Sombre score brings curse to inevitable climax“Rigoletto” is a dark marvellously melancholic piece. It contains one of those famous arias instantly recognisable to even those unfamiliar with opera, “La donna è mobile”.
Yet this aria is not reflective of the general mood of “Rigoletto”, which is tense and edgy. Verdi was obsessed with the supernatural, fortune cards and curses, and the plot follows a curse placed on Rigoletto from beginning to end.
The deformed court jester, the eponymous Rigoletto performed by Alexandru Agache/Anatolij Fokanov, is the central character, a complex, superstitious and mercurial man. He has a double life: his role as the vicious-tongued jester and the other consisting of a hidden personal life with his beautiful daughter, Gilda.
He is terrified that a curse cast on him in anger has the power to destroy his life. The opera’s original title was “La maledizione”, or “The Curse”, a fitting title as Rigoletto’s actions and superstition lead to the fulfilment of the curse.
Verdi’s dark score is a wonderful portrayal of the different characters; the composer gives the Duke brash and bright arias reflecting his shallow and vain personality, in polar opposite to the complex Rigoletto whose musical phrases are changeable, impossible to grasp.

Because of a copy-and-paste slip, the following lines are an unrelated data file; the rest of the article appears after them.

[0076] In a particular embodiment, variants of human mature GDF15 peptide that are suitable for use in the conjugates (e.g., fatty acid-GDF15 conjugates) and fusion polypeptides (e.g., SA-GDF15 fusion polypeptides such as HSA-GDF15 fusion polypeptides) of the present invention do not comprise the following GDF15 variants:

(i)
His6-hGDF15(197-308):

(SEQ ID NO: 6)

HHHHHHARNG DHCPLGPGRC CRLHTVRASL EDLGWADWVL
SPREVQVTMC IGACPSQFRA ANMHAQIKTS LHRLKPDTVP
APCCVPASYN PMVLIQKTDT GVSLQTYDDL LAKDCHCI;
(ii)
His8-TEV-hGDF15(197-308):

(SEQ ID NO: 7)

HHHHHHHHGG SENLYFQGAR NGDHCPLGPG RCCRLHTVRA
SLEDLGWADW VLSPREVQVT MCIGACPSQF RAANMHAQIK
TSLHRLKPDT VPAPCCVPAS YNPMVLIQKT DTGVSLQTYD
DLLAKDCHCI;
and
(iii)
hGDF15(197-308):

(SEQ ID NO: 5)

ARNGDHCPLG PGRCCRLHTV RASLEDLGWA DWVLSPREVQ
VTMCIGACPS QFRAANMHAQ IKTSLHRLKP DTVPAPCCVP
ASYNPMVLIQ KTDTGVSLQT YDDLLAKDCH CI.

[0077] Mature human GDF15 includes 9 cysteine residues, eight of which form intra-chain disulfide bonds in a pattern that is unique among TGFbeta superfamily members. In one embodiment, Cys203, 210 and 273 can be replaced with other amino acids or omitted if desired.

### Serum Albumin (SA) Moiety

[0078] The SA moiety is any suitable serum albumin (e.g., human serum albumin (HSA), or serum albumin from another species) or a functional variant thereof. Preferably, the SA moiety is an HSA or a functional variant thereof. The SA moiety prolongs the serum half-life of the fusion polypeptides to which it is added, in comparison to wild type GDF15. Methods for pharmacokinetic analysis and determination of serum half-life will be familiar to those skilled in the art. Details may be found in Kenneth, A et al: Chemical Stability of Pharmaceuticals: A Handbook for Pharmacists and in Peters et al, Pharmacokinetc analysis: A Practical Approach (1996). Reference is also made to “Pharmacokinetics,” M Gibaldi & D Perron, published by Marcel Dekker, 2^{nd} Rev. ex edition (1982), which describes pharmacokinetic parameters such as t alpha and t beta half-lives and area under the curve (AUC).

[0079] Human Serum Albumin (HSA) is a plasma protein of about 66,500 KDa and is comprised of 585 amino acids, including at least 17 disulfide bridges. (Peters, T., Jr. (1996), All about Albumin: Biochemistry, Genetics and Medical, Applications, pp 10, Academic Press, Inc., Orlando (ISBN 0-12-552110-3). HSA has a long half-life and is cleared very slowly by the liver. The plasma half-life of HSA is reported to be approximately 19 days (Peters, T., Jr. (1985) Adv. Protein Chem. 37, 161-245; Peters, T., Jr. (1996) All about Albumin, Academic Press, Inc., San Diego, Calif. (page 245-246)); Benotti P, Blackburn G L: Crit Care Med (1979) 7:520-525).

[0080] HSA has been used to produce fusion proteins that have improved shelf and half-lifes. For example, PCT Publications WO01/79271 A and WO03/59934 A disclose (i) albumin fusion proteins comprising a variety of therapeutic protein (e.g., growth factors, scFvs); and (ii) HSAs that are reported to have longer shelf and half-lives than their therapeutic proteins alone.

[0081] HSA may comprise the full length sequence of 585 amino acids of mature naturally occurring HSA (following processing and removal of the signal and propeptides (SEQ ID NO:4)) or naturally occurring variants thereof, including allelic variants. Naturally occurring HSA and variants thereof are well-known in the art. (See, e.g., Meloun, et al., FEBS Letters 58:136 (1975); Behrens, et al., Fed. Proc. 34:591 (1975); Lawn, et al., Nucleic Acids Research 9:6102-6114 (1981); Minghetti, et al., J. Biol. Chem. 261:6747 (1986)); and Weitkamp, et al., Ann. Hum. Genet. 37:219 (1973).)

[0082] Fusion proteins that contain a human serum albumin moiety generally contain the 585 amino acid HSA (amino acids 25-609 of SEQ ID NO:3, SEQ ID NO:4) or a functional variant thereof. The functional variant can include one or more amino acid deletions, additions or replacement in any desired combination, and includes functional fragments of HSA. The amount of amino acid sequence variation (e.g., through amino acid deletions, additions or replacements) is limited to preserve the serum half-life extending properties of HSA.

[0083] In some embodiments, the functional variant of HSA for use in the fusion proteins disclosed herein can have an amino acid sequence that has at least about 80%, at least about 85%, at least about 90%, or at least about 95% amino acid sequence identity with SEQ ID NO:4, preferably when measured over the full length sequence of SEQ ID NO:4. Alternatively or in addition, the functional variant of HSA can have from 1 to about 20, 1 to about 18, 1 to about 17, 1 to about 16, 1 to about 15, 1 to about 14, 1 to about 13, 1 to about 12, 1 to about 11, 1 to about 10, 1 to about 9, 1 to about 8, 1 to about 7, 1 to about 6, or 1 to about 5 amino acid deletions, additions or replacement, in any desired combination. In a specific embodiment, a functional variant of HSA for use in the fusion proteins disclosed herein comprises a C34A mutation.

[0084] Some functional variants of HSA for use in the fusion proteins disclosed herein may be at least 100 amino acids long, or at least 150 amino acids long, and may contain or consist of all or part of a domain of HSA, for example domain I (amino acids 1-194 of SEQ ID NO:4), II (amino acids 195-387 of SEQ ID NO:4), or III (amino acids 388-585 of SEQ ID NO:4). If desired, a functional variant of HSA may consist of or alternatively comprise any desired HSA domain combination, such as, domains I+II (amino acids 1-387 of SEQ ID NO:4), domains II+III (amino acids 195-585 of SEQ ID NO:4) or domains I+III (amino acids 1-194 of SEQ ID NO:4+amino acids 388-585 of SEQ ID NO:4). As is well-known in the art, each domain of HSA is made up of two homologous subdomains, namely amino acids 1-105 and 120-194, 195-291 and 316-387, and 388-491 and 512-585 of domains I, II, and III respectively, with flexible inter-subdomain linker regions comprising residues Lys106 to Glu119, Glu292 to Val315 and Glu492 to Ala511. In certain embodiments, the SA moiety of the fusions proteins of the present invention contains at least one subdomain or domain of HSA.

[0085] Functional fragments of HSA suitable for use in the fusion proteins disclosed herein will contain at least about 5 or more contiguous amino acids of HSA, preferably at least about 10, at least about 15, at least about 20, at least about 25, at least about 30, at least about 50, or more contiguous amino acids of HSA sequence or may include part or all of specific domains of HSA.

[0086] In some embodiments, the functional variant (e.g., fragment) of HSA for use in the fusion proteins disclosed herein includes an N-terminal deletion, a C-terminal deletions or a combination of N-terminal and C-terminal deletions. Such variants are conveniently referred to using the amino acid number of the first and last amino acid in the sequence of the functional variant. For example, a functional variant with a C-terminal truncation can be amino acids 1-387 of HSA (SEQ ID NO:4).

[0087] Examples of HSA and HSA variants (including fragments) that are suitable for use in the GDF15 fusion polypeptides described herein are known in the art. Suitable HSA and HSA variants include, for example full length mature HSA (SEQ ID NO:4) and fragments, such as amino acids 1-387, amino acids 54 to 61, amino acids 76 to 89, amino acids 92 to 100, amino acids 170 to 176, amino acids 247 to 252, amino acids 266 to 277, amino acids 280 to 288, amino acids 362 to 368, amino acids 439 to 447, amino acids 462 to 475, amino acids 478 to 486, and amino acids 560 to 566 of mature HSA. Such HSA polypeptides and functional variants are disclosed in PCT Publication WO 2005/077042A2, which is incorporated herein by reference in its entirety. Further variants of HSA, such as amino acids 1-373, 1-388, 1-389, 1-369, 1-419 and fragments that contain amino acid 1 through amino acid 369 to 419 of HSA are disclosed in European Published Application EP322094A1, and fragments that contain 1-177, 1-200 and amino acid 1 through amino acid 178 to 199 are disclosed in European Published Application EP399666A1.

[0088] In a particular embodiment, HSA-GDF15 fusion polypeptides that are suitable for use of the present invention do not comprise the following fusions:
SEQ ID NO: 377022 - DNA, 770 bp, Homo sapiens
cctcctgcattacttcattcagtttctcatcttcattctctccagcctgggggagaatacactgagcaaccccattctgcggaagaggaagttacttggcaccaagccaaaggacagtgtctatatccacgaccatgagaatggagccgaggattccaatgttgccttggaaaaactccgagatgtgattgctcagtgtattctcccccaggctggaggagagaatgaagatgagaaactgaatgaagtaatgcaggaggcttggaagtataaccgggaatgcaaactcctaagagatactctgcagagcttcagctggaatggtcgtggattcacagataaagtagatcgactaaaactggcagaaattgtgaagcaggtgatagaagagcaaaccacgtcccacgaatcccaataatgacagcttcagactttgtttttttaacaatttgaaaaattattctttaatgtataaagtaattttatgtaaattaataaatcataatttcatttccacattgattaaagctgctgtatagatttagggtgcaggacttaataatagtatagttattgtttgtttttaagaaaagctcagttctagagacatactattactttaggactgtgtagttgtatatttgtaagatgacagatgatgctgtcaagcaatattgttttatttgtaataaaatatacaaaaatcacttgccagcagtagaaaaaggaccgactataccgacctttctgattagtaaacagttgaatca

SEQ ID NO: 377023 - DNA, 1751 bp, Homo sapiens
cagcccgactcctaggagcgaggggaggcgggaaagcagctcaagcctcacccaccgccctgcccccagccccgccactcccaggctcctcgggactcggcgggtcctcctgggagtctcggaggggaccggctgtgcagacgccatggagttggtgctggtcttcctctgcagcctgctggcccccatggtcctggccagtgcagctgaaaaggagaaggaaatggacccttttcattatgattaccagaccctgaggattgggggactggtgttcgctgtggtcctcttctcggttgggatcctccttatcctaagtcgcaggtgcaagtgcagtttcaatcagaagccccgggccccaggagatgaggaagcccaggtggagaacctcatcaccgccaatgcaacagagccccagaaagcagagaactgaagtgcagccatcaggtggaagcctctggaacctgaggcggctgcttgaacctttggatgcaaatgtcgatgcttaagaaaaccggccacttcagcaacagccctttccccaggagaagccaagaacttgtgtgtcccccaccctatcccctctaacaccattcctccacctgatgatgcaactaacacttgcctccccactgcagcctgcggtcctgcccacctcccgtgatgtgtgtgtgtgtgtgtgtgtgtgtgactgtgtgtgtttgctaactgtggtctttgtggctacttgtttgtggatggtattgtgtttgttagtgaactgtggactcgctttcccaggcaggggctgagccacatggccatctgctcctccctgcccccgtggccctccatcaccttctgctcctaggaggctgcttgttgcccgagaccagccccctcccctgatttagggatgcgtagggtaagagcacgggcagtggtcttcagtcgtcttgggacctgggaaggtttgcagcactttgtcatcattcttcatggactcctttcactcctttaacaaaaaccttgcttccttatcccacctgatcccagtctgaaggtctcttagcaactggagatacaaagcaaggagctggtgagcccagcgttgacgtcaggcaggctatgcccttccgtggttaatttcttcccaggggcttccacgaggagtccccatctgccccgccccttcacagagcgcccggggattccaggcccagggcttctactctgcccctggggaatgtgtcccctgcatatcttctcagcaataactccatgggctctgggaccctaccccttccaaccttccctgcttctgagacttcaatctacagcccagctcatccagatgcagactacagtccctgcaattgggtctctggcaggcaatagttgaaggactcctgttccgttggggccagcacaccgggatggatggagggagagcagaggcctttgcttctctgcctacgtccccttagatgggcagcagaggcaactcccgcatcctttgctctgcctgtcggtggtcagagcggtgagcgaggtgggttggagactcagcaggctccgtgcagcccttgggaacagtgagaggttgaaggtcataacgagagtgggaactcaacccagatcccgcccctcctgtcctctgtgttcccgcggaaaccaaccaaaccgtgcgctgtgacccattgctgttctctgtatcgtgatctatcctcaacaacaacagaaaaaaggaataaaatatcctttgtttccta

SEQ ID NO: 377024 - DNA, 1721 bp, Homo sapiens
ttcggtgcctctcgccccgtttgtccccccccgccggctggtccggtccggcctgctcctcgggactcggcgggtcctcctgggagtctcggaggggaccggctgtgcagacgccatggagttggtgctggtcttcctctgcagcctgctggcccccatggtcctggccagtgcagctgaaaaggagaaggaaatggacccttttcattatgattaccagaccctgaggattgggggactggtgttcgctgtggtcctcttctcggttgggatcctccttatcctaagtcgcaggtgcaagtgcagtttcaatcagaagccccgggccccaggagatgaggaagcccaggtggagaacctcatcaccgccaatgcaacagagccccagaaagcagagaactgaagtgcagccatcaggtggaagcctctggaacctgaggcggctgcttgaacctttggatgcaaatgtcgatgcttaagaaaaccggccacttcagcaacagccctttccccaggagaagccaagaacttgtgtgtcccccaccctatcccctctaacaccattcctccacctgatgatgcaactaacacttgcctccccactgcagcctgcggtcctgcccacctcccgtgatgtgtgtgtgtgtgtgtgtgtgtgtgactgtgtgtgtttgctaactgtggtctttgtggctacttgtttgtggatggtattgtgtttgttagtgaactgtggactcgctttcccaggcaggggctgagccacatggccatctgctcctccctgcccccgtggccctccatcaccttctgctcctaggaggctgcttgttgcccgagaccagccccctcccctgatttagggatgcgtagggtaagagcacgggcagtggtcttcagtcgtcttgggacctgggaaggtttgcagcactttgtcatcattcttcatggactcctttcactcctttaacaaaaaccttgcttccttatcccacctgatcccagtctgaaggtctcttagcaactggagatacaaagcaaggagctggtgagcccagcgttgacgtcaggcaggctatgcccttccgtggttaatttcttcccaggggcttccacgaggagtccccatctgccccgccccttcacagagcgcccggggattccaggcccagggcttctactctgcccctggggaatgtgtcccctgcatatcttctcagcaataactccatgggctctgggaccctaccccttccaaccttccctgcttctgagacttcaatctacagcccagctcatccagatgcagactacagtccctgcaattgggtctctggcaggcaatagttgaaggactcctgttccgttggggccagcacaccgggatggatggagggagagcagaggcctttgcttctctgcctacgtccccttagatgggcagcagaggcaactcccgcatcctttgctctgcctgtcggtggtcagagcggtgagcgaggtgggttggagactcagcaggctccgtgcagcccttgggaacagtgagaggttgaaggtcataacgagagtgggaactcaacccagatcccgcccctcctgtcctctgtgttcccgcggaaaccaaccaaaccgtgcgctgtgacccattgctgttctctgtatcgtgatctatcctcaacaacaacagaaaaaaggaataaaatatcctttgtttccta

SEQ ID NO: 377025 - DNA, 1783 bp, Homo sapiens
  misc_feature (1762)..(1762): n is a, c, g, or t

As he becomes ever more tormented the music reflects this; repetitive tortured strings that hint at danger and tragedy.
Gilda and Maddalena are also contrasting characters. Gilda, performed by Rita Rácz/Erika Miklósa is child-like and delicate and ultimately self-sacrificing, and Maddalena sensual and smouldering.
The curse itself is almost personified with its own musical notes that haunt Rigoletto throughout the opera. It is introduced in the orchestral prelude to Rigoletto and speaks of everything we will see on stage: moody, brooding and tempestuous.
Zsolt Jankó/Domonkos Héja conduct the score, which is so tangible it is almost like a central character, fighting for the audience’s attention with Rigoletto.
The backdrop to all this drama is provided by set designer Attila Csikós. His wondrous sets are as elaborate as the finest art gallery masterpieces, with the compositions of the performers on stage as thoughtfully arranged as a grand painting hanging in the Louvre. Dramatic, sweeping and awe-inspiring, Verdi’s opera deserves no less than elaborate scenery coupled with intense and forceful music.
As the opera spirals towards its inevitable tragedy, the overpowering storm adds to the torment and inner fears of Rigoletto in a Shakespearean way much like King Lear, whose inner torment is mirrored by the harsh elements.
And with nightmarish reality, the curse comes true.
II János Pál Pápa tér 30, District VIII
From Thursday June 16
until Sunday June 26
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